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  7. Ruby Begonia

    Ruby Begonia Supreme Member
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    LOL, Joe. Tom's butt will be toast by the time he leaves it.
     
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  8. Ina I. Wonder

    Ina I. Wonder Supreme Member
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    Now, now "children?', let's play nice, and not scare off our captive. Ooops, I mean gracious guest.

    @Tom Locke , just ignore us and answer zee questions.

    1. Who is the early riser in your home?
    2. Are you an indoor putterer or an outdoor one?
    3. How do you put up with us?

    :p:rolleyes:o_O
     
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  9. Tom Locke

    Tom Locke Veteran Member
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    Assuming this is not a euphemism for something else, the answer is no. I once walked across rope bridges at the top of the forest canopy in a rain forest in Ghana and that was quite hairy enough for me.
     
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  10. Tom Locke

    Tom Locke Veteran Member
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    My first book contains a chapter entitled 'Torture by Crow.' I may go for something along these lines.
     
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  11. Terry Page

    Terry Page Supreme Member
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    All the chocolate Easter eggs you can eat plus a keg of your favourite tipple Tom


    [​IMG]

    leprechaun-beer-keg-1844738.jpg

     
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  12. Mari North

    Mari North Veteran Member
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    Nope, it surely doesn't work... but it got a giggle from me. And now I can't erase that visual. :eek: @Tom Locke

    What was that graphic I saw once? Let me think... oh yeah...
    Let's eat, Grandma!
    Let's eat Grandma!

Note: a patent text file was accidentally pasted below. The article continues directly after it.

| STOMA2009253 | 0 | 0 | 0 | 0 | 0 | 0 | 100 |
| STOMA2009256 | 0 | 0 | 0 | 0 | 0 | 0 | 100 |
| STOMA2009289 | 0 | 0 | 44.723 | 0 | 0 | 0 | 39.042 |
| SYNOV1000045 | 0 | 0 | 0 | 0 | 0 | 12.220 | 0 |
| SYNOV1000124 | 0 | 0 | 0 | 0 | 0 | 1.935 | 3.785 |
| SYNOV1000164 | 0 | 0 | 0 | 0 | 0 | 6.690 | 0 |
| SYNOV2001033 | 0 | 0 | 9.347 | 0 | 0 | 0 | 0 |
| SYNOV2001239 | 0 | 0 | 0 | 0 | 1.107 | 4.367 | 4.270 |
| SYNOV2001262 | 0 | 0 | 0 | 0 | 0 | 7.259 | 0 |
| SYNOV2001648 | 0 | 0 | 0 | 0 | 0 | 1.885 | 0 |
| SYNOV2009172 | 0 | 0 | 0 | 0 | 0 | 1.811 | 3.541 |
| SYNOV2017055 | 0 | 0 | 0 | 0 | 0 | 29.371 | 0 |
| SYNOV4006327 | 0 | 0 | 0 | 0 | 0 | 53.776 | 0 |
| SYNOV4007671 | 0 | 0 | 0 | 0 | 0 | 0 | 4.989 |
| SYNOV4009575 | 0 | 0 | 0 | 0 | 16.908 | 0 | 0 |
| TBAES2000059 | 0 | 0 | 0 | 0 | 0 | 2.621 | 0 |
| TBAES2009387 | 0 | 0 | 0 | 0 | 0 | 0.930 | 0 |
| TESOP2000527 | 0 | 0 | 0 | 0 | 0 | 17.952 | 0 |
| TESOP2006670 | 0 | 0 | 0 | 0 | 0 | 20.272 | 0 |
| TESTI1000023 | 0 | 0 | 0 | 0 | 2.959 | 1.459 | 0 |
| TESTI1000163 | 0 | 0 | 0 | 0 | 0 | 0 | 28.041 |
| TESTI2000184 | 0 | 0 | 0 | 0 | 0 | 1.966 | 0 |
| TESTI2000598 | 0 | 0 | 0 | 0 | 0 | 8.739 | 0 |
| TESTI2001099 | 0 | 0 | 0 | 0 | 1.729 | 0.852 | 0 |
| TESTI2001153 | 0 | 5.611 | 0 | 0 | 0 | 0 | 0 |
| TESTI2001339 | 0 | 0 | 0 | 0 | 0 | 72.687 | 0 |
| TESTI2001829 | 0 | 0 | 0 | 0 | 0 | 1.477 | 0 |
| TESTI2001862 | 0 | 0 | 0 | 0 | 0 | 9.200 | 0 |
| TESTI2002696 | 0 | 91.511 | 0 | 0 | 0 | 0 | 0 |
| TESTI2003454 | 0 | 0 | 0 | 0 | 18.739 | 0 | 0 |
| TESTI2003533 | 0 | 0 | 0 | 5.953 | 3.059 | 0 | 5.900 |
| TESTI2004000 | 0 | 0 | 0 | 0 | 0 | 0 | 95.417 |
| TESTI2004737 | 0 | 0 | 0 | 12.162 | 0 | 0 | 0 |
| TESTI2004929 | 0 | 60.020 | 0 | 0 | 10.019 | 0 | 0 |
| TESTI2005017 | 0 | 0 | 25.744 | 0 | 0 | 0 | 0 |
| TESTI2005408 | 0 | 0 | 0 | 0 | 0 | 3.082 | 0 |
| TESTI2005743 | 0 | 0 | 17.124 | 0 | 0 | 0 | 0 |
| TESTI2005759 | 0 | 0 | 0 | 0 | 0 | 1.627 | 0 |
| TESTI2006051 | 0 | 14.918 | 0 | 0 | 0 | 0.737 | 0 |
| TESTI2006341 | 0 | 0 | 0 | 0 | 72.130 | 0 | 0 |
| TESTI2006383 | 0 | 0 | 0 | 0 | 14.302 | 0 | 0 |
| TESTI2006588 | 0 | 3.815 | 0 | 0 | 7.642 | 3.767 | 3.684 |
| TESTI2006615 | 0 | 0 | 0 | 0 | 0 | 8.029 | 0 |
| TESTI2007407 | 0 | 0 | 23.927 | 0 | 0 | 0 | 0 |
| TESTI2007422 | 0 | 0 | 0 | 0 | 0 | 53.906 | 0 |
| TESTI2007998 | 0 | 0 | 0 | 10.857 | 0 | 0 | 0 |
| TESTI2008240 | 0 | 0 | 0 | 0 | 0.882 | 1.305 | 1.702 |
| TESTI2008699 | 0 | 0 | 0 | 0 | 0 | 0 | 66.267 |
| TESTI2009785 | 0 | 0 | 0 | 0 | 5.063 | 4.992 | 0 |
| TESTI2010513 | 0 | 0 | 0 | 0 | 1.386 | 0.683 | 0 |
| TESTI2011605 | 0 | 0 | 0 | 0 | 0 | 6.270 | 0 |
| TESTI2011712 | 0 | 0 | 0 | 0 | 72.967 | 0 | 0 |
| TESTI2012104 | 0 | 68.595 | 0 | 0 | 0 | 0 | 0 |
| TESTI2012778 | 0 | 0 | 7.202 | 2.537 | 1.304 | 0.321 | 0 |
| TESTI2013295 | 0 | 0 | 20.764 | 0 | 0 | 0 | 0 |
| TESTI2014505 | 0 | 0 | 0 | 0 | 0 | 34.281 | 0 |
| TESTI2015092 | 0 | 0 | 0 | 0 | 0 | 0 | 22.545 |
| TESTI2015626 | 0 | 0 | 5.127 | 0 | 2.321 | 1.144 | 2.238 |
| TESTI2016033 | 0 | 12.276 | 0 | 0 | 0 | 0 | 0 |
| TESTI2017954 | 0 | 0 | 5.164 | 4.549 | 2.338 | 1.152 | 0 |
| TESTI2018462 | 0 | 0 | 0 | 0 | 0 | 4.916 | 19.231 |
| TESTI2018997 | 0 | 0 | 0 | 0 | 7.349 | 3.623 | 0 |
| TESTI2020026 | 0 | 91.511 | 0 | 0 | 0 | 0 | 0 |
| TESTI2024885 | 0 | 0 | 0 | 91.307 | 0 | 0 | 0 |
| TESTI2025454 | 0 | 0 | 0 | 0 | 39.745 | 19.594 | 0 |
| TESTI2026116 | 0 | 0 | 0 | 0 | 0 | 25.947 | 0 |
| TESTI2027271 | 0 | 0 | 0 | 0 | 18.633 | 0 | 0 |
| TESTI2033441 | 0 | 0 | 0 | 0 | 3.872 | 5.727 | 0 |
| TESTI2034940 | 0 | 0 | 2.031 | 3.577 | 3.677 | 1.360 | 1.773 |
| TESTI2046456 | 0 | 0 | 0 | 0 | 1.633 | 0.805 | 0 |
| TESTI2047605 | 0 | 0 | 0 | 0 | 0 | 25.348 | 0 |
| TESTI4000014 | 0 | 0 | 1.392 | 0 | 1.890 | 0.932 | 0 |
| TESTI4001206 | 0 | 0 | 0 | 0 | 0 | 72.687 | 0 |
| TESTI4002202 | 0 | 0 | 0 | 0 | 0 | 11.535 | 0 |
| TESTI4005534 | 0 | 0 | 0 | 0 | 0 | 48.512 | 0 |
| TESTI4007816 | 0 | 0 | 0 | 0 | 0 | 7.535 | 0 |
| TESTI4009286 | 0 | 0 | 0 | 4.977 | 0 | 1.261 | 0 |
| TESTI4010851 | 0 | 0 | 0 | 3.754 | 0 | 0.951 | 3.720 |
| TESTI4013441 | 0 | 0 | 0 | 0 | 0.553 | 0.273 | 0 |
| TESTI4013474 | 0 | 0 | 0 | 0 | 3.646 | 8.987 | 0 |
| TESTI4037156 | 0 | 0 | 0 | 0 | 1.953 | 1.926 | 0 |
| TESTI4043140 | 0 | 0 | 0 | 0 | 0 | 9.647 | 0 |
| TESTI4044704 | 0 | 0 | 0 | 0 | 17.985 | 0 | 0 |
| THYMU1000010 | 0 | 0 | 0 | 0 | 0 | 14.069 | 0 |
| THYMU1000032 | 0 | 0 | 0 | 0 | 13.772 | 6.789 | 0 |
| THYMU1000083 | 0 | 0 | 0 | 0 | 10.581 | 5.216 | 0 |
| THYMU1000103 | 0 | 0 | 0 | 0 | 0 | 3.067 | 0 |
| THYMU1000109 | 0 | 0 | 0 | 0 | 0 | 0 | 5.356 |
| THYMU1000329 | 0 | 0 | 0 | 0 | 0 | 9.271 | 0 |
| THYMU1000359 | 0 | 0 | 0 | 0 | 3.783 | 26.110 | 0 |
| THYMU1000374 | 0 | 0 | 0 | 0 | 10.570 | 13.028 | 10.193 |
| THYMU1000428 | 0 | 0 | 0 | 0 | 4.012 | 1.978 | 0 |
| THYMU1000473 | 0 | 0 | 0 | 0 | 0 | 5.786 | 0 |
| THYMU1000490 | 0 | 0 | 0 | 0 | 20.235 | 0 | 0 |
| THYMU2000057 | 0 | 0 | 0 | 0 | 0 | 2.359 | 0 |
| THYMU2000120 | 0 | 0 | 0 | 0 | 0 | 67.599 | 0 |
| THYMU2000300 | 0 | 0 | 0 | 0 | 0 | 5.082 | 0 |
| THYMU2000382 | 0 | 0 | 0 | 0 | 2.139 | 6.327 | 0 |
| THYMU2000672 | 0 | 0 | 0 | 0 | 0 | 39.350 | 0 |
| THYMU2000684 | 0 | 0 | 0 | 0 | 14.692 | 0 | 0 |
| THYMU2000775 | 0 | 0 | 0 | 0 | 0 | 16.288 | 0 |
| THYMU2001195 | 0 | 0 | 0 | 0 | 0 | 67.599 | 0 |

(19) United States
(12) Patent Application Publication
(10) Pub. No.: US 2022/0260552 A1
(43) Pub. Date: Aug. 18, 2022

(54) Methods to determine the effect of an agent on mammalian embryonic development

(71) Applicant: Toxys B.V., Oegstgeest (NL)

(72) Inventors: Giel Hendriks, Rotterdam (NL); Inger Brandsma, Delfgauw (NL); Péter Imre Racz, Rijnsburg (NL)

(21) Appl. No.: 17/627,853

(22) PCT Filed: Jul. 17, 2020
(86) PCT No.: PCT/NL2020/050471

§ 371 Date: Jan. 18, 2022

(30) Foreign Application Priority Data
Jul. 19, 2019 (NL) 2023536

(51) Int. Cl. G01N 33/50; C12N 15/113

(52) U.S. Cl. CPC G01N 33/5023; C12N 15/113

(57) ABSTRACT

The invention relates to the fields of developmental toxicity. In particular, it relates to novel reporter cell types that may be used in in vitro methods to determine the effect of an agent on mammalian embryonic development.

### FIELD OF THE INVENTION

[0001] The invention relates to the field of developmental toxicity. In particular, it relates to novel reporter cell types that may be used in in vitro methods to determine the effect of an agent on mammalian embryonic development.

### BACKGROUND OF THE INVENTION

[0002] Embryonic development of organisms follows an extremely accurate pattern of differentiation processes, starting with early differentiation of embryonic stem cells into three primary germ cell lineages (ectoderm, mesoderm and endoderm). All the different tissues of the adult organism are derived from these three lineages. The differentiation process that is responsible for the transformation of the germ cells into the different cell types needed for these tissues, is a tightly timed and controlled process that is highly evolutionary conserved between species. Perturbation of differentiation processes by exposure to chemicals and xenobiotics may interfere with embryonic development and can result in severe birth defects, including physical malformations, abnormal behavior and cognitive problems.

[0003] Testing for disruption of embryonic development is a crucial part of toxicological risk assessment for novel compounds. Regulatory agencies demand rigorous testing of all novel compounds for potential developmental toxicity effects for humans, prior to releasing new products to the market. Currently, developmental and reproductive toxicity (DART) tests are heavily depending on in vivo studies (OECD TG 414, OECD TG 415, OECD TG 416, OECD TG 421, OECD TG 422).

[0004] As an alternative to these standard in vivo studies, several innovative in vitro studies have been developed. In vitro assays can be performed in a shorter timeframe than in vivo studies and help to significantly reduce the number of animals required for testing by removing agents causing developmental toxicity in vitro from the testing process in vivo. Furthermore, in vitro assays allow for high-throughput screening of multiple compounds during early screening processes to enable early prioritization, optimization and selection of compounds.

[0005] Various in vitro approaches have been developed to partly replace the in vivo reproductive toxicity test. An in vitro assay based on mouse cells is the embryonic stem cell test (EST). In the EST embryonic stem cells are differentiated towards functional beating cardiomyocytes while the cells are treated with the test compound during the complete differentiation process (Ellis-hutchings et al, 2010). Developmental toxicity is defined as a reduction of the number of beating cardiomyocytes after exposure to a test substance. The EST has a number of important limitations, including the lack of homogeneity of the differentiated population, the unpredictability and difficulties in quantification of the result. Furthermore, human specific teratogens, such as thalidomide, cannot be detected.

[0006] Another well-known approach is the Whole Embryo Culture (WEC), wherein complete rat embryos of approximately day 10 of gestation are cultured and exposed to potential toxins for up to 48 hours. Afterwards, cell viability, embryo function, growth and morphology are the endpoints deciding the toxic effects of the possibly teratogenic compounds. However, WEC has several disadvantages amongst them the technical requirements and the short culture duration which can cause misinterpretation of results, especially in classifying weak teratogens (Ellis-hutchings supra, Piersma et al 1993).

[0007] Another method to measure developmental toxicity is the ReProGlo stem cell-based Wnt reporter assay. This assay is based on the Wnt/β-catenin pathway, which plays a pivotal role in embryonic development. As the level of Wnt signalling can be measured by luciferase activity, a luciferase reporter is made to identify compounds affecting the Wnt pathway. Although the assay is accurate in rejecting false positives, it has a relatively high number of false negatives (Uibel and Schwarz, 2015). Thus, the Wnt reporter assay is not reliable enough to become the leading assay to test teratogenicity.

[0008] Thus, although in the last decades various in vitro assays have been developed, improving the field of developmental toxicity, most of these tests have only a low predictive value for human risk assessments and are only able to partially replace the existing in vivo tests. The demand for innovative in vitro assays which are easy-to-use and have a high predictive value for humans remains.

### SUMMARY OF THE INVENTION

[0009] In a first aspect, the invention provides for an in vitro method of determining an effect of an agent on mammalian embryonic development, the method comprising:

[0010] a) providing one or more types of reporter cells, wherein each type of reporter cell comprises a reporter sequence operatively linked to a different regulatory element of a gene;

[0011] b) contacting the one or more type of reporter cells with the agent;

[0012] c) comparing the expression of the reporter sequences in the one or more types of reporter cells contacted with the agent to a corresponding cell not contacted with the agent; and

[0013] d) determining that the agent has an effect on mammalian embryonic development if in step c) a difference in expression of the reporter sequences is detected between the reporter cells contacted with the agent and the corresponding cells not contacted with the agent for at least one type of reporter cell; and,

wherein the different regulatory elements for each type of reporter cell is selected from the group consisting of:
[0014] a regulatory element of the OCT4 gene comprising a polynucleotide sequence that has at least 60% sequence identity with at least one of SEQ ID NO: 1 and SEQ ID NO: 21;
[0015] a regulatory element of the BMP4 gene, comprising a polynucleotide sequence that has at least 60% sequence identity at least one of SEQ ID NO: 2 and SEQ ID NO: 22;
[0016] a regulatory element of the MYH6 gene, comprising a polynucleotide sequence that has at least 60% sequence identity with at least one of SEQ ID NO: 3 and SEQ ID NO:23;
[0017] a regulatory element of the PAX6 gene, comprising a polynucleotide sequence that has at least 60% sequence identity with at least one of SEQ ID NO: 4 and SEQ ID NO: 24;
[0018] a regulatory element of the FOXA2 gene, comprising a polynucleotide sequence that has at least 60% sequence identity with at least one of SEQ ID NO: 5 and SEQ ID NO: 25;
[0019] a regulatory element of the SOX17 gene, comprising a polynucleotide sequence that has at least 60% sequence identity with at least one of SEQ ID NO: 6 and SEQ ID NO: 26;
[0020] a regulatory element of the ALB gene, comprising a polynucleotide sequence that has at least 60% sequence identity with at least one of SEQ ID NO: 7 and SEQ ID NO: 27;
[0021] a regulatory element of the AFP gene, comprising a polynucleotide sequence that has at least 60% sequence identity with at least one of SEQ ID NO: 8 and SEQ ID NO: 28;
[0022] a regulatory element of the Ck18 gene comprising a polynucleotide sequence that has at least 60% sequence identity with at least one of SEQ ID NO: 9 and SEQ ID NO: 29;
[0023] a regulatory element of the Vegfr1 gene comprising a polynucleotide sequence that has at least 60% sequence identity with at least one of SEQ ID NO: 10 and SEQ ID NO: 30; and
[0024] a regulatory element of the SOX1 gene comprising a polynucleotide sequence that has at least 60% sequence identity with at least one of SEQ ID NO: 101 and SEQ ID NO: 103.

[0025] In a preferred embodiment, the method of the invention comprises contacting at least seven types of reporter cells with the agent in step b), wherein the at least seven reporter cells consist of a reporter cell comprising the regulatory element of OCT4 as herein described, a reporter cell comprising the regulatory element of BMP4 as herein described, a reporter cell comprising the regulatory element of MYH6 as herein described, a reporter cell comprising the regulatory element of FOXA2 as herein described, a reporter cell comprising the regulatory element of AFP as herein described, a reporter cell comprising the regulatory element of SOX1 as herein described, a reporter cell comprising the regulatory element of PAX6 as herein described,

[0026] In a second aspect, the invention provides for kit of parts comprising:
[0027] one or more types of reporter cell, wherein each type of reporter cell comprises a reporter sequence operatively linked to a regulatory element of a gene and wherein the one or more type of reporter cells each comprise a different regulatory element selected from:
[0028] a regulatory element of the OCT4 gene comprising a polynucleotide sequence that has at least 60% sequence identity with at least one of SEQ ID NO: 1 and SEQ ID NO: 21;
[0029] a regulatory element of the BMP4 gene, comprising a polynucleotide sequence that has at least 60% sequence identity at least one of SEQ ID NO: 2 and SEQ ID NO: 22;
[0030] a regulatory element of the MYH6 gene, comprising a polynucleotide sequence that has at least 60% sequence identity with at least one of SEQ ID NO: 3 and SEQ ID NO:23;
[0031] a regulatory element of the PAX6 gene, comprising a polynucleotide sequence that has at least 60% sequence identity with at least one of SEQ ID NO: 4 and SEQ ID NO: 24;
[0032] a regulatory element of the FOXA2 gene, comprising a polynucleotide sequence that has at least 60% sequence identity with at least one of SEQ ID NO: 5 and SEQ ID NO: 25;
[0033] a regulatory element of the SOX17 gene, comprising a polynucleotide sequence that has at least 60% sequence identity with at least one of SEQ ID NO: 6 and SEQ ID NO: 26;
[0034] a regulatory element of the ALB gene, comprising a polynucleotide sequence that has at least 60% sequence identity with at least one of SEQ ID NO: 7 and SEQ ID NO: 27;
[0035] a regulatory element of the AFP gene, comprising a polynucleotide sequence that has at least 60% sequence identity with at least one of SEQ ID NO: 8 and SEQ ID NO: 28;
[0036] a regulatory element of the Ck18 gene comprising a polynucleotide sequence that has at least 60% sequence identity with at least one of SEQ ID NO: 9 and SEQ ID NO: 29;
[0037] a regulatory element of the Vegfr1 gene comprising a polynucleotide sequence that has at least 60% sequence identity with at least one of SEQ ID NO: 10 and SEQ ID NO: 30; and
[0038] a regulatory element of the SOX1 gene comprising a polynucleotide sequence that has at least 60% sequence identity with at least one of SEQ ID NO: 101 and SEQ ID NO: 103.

Commas save lives. :p
     
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  13. Tom Locke

    Tom Locke Veteran Member
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    1 It depends on whose bladder is shouting the loudest.

    2 Mixed. At present, very much indoors because it's too cold outside to want to be out for long.

    3 Increased alcohol consumption.
     
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  14. Shirley Martin

    Shirley Martin Supreme Member
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    Not a euphemism, a serious question.

    In your travels, you must have met many interesting people. Who is the most interesting person you ever met?

    And, why not a romance? :DI can tell you from experience that romances outsell any other genre by far. You can get rich writing them. More women than men buy books and they buy more romances that any other books. Maybe you can write a romantic suspense and have the worldwide best seller. Then you can loan me a few bucks. :D
     
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  15. Tom Locke

    Tom Locke Veteran Member
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    To answer the second part first, there is not the vaguest possibility of my writing a romance. I'd rather be impoverished and forgotten than remembered for bad art.

    It's impossible to name a single person as the most interesting. I can think of many people that I've met in Africa that had led far more varied and interesting lives than me. There was the Scotsman who was working in his nineteenth different African country; the Australian boat-builder who offered me a job in Kiribati, where he lived; the Eritrean colleague at my workplace who shared with me a love of the writing of Thomas Paine; and so many others, too numerous to mention.

    One encounter I recall was with a Sicilian chap who spoke no English. I speak no Italian (I'm quite good on the names of fruit and vegetables, but not much else), but we discovered that both of us spoke not-very-fluent French. Thus I spent a slightly surreal evening in a bar, conversing in bad French.